National air traffic control spaces in Europe urgently need to be merged so as to clear congestion, boost safety, reduce flight times, delays and fares, create jobs and cut CO2 emissions, say MEPs in a resolution.
They want the commission to put pressure on member states, including possible sanctions, to meet their obligations.
“We have to have proper, efficient use of air space and 21st century technology for traffic management available to avoid the consumer having to pay twice: in time and in price,” said Jacqueline Foster, who drafted the resolution, which was adopted by a show of hands.
“Defragmentation of European air space is unacceptably slow,” she added during the plenary debate, calling on member states for “greater urgency in order to avoid possible safety and operational risks with increasing traffic flows”.
The commission estimates the full and swift deployment of the Single European Sky Air Traffic Management Research (SESAR) technology would lead to the creation of 328,000 jobs and cut CO2 emissions by some 50 million tonnes.
Passengers and airlines would benefit from cost reductions as congestion would be relieved, flight times would be cut by some ten per cent on average and cancellations and delays would be halved.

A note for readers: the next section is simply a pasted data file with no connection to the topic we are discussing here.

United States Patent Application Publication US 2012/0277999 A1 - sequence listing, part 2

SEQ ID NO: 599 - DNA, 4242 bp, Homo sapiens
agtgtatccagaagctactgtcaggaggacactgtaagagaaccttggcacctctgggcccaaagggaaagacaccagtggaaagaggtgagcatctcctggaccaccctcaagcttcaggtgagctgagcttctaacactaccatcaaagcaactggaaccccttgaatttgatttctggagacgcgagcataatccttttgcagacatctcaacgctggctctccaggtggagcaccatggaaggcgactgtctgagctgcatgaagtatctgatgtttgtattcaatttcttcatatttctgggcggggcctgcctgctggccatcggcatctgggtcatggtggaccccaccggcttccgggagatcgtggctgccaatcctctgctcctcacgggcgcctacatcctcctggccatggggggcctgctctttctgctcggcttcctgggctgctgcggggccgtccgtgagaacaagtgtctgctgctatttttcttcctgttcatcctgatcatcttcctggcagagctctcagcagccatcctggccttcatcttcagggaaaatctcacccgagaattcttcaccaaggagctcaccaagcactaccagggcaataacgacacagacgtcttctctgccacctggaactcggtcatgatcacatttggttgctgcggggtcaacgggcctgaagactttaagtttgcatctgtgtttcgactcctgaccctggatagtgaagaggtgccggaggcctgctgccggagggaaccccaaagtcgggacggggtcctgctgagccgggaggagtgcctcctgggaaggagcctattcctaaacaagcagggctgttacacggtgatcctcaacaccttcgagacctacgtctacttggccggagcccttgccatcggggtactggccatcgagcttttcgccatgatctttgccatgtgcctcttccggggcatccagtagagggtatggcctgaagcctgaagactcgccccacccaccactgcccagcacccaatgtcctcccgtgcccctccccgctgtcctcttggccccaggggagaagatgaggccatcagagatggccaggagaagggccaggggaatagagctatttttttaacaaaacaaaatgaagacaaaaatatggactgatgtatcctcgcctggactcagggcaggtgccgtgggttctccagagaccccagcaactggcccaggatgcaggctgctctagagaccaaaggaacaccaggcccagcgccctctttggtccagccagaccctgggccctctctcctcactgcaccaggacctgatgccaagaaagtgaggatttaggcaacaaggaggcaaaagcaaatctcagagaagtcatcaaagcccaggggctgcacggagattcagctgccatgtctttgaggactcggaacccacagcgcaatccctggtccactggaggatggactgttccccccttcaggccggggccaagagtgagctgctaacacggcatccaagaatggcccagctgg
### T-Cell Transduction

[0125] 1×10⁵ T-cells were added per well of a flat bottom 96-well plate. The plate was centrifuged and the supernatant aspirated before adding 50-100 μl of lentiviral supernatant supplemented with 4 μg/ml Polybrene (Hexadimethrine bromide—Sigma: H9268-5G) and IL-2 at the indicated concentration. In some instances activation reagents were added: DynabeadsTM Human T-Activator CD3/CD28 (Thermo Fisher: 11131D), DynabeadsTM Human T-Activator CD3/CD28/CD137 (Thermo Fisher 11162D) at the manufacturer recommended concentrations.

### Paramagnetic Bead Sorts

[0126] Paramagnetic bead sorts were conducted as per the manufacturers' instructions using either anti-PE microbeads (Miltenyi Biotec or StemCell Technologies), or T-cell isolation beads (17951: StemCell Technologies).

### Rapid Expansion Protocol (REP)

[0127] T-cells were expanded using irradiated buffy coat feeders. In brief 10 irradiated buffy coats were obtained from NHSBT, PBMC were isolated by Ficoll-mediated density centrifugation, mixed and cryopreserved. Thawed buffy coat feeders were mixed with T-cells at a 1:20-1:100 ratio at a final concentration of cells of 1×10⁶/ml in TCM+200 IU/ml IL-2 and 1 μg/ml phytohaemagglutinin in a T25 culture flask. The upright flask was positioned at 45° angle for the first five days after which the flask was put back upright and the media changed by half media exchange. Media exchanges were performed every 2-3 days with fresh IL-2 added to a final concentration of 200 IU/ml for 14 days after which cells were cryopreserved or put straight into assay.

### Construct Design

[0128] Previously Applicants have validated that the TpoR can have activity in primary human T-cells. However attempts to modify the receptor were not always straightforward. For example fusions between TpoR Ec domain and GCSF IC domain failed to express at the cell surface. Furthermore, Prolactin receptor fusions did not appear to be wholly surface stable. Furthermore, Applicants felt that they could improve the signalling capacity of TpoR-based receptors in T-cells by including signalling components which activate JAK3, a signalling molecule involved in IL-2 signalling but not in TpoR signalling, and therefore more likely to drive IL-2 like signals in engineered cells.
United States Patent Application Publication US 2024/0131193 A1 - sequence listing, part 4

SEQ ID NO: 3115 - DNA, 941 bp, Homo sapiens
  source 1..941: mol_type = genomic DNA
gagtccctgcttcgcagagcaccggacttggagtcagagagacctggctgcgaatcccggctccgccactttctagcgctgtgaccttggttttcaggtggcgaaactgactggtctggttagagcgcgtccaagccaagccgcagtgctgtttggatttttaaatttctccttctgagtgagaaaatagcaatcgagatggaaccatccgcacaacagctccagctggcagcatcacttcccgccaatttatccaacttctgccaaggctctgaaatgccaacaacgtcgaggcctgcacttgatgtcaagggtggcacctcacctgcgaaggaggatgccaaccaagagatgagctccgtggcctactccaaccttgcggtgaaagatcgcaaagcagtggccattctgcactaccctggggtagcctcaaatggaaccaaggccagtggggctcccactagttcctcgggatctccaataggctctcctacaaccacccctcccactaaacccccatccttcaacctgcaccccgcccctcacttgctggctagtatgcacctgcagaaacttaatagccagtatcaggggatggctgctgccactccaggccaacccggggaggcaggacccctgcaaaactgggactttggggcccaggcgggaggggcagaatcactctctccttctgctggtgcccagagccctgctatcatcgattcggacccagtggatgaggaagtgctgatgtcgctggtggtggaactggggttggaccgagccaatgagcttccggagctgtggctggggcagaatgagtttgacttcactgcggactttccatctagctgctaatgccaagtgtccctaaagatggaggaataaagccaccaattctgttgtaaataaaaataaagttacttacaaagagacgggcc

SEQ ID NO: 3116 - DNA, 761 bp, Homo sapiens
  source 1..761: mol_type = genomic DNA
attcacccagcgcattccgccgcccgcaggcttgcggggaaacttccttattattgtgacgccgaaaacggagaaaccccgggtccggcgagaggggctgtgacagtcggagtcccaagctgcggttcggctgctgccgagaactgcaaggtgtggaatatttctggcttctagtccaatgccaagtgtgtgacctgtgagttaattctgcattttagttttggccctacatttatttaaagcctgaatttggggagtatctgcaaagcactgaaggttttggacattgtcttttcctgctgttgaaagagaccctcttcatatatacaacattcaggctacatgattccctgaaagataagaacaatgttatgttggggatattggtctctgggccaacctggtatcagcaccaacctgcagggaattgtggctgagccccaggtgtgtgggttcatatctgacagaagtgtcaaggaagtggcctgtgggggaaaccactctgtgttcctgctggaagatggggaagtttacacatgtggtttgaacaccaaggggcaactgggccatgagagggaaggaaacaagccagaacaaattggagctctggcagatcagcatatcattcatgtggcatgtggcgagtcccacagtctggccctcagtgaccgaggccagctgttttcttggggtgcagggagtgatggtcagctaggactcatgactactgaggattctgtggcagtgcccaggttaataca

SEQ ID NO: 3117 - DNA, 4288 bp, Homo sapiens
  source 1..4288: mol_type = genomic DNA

Member states has made firm commitments to merge their national air control spaces into nine Functional Airspace Blocks by December 4th 2012 and to evolve progressively towards a single European sky.
However, only two such blocks are ready, in the Scandinavian skies and over Ireland and the UK.
To speed up the process, MEPs call for performance indicator schemes to be implemented and ask the commission to adopt a top-down approach by proposing new legislation, including possible sanctions and, where necessary, EU funding.
The Single European Sky initiative was launched in 2004 to reform the architecture of European air traffic management.
Its key objectives are to restructure European airspace to create additional capacity and increase the overall efficiency and safety of air traffic.